State v. Lynn, COA22-990, ___ N.C. App. ___ (Sept. 19, 2023)

In this Mecklenburg County case, defendant appealed his convictions for assault with a deadly weapon and discharging a weapon into a building and vehicle in operation, arguing error by (1) allowing the prosecutor to tell potential jurors that probation was within the potential sentencing range and (2) substituting an alternative juror after deliberations began, and (3) ineffective assistance of counsel. The Court of Appeals found no prejudicial error. 

In December of 2019, defendant was involved in an altercation at a Cook Out in Charlotte, eventually firing several shots that hit a car and the exterior wall of the Cook Out. The matter came for trial in March of 2022. On the second day of deliberations, one of the jurors was ill and did not report for jury duty. The trial court substituted an alternate juror and directed the jury to restart deliberations under G.S. 15A-1215(a). Defendant was subsequently convicted and appealed. 

Taking up (1), the Court of Appeals explained that it reviewed a trial court’s management of jury selection for abuse of discretion. Here, the State’s choice to mention probation during voir dire was “questionable” as “a probationary sentence under these facts requires the trial judge to find extraordinary mitigation,” but the statement was “technically accurate” as a statement of law. Slip Op. at 5. The court concluded there was no abuse of discretion in these circumstances as it was not a totally unsupported possibility. Turning to (2), the court explained that defendant argued that “more than twelve persons” were involved in the jury verdict, but defendant failed to preserve the issue for review and the court dismissed it.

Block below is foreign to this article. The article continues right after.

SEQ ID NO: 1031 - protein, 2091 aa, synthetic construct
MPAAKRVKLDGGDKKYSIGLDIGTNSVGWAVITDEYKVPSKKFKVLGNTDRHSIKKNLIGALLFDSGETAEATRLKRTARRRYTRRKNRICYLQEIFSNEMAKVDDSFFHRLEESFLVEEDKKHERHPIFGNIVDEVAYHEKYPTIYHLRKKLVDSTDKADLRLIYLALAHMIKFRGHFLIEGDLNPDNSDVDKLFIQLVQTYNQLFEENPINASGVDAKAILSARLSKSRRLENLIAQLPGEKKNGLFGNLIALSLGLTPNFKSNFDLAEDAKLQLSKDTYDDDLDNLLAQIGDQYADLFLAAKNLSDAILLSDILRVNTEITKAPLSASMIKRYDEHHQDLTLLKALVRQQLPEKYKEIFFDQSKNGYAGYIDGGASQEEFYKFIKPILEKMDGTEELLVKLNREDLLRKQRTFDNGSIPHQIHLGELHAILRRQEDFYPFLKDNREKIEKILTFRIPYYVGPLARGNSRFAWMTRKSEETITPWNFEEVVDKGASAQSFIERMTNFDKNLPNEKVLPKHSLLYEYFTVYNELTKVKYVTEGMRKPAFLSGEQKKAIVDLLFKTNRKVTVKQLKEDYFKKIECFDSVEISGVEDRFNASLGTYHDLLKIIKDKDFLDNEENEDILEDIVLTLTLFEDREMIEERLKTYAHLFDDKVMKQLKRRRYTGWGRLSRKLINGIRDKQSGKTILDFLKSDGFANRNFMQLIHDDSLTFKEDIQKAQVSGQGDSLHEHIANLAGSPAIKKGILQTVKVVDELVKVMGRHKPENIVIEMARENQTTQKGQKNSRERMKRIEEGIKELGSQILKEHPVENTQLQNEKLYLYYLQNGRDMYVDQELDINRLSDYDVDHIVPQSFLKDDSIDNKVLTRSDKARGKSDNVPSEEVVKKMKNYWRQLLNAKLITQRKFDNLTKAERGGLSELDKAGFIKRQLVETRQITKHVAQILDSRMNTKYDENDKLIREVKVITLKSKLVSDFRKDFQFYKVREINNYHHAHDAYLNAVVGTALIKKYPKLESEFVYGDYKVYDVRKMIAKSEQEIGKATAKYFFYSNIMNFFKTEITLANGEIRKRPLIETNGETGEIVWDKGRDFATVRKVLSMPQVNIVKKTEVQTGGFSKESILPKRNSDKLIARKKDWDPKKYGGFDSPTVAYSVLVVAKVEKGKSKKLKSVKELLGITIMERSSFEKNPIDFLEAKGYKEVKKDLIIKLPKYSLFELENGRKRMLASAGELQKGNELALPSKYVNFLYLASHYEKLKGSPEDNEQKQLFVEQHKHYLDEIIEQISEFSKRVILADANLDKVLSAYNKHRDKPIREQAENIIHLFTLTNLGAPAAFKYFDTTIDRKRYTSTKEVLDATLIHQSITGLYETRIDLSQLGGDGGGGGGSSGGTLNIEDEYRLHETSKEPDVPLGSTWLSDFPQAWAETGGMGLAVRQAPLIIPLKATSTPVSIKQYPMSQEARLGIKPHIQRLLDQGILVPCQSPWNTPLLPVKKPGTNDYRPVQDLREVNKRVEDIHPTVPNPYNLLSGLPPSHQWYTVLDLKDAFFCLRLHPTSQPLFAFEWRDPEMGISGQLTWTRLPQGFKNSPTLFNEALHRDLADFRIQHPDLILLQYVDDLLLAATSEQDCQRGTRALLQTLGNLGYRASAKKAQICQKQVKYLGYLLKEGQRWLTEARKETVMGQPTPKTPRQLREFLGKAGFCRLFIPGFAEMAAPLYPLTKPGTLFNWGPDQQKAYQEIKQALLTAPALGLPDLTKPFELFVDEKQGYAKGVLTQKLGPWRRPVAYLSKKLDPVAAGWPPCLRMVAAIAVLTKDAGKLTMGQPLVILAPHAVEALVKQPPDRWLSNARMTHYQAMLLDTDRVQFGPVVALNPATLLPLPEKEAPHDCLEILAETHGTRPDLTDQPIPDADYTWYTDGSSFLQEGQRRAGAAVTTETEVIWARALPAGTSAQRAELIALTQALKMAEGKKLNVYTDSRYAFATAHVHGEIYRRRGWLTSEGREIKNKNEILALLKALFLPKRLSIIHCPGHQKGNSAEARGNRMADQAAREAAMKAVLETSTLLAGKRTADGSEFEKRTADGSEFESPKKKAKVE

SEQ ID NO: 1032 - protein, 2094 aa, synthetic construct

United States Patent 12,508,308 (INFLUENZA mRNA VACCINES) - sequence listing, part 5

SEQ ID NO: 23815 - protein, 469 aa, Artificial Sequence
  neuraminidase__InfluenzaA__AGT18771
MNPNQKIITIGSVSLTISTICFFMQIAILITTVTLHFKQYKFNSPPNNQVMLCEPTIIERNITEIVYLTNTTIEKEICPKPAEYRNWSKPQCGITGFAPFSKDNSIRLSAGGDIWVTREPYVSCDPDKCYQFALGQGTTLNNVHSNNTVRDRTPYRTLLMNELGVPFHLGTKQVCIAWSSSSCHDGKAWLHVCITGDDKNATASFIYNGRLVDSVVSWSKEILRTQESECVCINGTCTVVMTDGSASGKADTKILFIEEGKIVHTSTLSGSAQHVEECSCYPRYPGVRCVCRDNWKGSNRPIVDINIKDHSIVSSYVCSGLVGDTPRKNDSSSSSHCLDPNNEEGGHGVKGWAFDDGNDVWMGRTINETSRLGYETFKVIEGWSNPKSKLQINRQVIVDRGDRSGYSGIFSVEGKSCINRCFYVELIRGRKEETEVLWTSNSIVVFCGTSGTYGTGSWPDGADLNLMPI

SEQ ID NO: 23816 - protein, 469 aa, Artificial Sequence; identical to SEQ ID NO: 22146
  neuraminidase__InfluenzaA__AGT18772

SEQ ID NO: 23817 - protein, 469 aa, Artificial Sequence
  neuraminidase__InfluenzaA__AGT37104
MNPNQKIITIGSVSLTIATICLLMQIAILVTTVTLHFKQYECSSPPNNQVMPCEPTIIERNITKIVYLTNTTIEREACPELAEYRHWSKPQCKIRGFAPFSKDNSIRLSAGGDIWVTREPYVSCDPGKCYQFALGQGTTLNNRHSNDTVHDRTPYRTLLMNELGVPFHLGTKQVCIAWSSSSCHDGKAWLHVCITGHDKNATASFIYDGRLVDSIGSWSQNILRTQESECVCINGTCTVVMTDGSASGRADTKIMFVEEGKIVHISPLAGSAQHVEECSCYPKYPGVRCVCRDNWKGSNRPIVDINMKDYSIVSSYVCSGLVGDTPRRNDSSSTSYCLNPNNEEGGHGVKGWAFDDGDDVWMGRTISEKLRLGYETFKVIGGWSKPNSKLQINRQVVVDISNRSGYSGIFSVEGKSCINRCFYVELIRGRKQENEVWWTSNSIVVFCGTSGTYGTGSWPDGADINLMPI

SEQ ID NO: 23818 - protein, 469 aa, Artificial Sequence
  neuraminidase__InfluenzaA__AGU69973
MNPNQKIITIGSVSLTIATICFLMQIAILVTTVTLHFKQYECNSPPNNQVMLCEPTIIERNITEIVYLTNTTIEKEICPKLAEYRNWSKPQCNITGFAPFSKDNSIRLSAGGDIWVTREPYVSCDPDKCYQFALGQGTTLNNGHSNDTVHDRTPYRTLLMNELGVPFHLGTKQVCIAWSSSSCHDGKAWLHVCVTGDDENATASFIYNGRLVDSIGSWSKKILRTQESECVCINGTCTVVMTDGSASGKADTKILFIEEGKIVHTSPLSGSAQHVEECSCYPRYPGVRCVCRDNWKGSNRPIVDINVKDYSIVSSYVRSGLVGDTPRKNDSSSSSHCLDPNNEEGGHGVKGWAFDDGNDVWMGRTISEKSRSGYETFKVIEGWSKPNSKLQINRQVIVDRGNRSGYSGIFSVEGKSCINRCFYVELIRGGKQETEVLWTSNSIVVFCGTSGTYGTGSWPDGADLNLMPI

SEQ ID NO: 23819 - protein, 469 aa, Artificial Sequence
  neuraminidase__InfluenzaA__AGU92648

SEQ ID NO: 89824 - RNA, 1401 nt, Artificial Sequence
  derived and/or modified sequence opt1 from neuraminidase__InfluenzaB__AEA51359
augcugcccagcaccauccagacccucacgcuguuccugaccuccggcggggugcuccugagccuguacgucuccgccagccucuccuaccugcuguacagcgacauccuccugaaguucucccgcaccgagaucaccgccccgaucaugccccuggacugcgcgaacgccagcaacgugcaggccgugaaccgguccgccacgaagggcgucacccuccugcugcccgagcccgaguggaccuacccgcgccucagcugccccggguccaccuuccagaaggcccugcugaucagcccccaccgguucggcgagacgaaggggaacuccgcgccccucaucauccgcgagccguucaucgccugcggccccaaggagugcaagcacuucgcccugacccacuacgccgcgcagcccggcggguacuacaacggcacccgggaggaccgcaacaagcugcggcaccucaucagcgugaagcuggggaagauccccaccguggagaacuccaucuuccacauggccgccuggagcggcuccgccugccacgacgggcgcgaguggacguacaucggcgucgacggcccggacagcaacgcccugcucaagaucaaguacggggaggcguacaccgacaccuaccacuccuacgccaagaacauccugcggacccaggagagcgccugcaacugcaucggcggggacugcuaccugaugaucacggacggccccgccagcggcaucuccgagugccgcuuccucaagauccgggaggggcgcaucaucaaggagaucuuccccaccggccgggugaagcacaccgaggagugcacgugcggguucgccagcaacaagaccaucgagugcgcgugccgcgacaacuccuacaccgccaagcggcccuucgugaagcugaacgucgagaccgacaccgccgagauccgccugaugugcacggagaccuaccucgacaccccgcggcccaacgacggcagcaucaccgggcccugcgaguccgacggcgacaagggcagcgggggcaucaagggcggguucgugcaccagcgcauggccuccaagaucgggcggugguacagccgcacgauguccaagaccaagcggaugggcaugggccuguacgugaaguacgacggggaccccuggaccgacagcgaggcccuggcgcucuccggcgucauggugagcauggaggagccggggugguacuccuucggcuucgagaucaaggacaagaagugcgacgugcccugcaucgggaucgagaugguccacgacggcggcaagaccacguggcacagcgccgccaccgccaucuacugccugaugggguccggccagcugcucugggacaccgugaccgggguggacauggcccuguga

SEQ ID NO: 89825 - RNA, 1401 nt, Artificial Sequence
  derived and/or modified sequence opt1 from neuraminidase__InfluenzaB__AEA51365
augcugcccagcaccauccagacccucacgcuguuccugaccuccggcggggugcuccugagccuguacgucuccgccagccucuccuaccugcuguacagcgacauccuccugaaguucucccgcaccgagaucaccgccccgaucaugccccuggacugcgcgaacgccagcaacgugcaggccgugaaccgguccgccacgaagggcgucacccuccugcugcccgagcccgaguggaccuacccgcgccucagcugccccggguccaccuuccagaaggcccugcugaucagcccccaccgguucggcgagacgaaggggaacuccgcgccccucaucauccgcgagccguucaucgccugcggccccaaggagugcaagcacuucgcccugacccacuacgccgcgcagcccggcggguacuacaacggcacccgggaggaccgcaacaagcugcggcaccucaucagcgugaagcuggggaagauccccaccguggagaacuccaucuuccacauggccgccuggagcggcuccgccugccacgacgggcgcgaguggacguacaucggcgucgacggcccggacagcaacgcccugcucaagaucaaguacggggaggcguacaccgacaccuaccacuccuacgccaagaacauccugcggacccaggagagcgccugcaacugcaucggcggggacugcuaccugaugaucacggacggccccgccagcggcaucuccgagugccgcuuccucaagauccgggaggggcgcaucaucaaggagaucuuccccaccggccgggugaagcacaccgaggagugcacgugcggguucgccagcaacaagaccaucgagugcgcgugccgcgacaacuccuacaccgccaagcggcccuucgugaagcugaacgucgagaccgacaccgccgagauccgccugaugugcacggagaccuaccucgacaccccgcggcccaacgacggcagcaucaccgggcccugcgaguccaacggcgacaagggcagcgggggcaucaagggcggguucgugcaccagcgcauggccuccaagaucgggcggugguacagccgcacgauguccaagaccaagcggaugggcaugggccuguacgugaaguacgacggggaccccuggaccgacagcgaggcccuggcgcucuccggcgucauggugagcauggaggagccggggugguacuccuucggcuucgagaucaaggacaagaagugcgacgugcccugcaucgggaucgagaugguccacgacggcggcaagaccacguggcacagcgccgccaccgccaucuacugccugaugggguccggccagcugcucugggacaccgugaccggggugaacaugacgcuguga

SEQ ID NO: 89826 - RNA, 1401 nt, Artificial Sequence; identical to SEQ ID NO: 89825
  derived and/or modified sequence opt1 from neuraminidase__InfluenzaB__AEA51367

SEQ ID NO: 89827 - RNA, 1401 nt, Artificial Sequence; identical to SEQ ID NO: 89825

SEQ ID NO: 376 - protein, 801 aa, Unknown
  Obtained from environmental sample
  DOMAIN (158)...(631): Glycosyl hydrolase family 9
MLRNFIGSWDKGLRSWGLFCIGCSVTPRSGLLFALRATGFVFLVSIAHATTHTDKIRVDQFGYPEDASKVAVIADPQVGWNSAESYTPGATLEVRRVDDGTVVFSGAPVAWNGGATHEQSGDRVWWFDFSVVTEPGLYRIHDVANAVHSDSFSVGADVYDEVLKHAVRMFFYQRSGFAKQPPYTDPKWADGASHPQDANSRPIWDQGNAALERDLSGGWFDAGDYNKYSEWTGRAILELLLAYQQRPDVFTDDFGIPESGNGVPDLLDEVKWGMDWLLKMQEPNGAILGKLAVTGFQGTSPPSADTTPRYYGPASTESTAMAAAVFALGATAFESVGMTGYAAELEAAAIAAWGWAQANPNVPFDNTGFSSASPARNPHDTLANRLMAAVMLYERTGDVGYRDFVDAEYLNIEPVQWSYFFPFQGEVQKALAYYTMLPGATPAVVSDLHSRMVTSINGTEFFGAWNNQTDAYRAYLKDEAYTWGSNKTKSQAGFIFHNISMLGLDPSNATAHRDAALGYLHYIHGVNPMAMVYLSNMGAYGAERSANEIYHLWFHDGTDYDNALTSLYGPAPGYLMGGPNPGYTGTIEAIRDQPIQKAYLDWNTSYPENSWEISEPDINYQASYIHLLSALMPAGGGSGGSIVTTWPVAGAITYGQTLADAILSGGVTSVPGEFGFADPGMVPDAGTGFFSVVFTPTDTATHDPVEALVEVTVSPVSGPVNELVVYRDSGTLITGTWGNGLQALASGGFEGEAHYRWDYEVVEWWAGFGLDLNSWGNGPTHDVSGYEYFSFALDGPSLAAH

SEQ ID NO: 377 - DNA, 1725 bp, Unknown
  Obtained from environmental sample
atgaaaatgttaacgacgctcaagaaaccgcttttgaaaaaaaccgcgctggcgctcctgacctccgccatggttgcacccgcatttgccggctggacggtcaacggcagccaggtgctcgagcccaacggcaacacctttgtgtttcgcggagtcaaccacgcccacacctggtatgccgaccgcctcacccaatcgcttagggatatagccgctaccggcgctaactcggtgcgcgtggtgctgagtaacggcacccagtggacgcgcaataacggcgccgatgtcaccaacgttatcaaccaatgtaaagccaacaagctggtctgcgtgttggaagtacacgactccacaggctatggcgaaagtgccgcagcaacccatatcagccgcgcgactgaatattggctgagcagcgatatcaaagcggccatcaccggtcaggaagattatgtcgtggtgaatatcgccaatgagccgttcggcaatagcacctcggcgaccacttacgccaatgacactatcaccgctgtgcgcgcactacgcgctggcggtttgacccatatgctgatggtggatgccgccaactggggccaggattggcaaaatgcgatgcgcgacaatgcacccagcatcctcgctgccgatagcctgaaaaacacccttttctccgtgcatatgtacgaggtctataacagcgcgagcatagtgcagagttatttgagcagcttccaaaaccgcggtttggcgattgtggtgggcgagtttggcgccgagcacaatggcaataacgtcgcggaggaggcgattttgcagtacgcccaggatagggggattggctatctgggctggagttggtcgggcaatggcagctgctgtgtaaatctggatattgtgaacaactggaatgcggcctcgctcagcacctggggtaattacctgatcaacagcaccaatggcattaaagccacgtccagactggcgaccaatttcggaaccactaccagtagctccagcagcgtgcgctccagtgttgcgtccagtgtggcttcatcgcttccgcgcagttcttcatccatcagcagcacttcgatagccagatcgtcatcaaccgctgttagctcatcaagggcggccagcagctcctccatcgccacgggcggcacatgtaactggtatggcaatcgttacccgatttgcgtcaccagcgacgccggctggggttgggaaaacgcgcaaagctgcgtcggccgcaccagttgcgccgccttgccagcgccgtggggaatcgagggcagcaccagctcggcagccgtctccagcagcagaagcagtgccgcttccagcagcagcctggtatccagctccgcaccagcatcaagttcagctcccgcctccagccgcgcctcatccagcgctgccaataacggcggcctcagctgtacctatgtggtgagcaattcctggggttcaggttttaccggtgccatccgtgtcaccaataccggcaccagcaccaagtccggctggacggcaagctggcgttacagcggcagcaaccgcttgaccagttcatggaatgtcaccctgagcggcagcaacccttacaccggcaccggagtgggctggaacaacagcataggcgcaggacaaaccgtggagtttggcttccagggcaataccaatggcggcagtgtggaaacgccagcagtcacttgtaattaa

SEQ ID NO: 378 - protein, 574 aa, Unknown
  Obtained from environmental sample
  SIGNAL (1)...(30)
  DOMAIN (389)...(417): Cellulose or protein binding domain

Reaching (3), the court explained that defendant’s ineffective assistance of counsel argument contained two points, (a) that defense counsel should have objected to the trial court’s jury instructions on self-defense, and (b) that counsel should have requested a jury poll. Looking at (3)(a), defendant argued that the instruction did not require the jury to consider whether other patrons at the Cook Out had guns. The court explained that the instruction closely tracked the applicable language of the statute and directed the jury to consider whether “defendant reasonably believed that deadly force was necessary,” which would encompass the consideration of whether other people at the scene had guns. Id. at 9. The court could not conclude that a different instruction specifically mentioning a gun would have led to a different result, meaning the argument could not support the ineffective assistance claim. The court likewise dispensed with (3)(b), explaining that the trial court was not required to poll the jury unless requested, but “both the jury foreman and the other jurors, as a group, affirmed—in open court—that their verdicts were unanimous.” Id. at 10. Because there was no evidence of coercion or inducements to the jury, there was no reasonable probability a jury poll would have created a different result for defendant.